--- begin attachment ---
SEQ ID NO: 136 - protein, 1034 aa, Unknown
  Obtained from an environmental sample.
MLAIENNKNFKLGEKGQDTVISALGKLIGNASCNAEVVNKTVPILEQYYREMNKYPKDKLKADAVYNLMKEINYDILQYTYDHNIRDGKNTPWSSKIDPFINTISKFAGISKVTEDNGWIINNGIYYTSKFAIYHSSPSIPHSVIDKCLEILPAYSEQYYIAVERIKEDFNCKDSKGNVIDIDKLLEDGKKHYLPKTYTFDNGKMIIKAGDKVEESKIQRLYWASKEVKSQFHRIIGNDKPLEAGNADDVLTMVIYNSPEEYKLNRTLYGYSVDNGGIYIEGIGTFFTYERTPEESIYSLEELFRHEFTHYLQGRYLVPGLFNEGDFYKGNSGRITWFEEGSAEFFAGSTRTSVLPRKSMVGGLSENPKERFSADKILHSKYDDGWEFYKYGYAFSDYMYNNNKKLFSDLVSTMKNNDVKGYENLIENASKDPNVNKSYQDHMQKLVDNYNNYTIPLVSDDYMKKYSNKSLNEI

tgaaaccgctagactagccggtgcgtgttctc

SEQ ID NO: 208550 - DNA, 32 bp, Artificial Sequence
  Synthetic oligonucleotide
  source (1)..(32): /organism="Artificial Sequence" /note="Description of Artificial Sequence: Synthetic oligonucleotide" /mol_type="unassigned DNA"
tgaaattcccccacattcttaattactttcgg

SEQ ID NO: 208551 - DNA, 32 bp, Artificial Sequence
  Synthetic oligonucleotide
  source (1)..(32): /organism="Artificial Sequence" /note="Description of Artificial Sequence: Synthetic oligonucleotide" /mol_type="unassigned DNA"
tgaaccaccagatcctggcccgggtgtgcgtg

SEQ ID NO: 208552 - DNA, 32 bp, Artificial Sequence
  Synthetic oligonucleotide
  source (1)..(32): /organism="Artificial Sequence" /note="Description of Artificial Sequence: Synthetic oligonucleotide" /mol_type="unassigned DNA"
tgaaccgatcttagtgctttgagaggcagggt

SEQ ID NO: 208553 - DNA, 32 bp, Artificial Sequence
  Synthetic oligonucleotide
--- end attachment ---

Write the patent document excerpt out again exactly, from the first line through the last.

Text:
SEQ ID NO: 136 - protein, 1034 aa, Unknown
  Obtained from an environmental sample.
MLAIENNKNFKLGEKGQDTVISALGKLIGNASCNAEVVNKTVPILEQYYREMNKYPKDKLKADAVYNLMKEINYDILQYTYDHNIRDGKNTPWSSKIDPFINTISKFAGISKVTEDNGWIINNGIYYTSKFAIYHSSPSIPHSVIDKCLEILPAYSEQYYIAVERIKEDFNCKDSKGNVIDIDKLLEDGKKHYLPKTYTFDNGKMIIKAGDKVEESKIQRLYWASKEVKSQFHRIIGNDKPLEAGNADDVLTMVIYNSPEEYKLNRTLYGYSVDNGGIYIEGIGTFFTYERTPEESIYSLEELFRHEFTHYLQGRYLVPGLFNEGDFYKGNSGRITWFEEGSAEFFAGSTRTSVLPRKSMVGGLSENPKERFSADKILHSKYDDGWEFYKYGYAFSDYMYNNNKKLFSDLVSTMKNNDVKGYENLIENASKDPNVNKSYQDHMQKLVDNYNNYTIPLVSDDYMKKYSNKSLNEI

tgaaaccgctagactagccggtgcgtgttctc

SEQ ID NO: 208550 - DNA, 32 bp, Artificial Sequence
  Synthetic oligonucleotide
  source (1)..(32): /organism="Artificial Sequence" /note="Description of Artificial Sequence: Synthetic oligonucleotide" /mol_type="unassigned DNA"
tgaaattcccccacattcttaattactttcgg

SEQ ID NO: 208551 - DNA, 32 bp, Artificial Sequence
  Synthetic oligonucleotide
  source (1)..(32): /organism="Artificial Sequence" /note="Description of Artificial Sequence: Synthetic oligonucleotide" /mol_type="unassigned DNA"
tgaaccaccagatcctggcccgggtgtgcgtg

SEQ ID NO: 208552 - DNA, 32 bp, Artificial Sequence
  Synthetic oligonucleotide
  source (1)..(32): /organism="Artificial Sequence" /note="Description of Artificial Sequence: Synthetic oligonucleotide" /mol_type="unassigned DNA"
tgaaccgatcttagtgctttgagaggcagggt

SEQ ID NO: 208553 - DNA, 32 bp, Artificial Sequence
  Synthetic oligonucleotide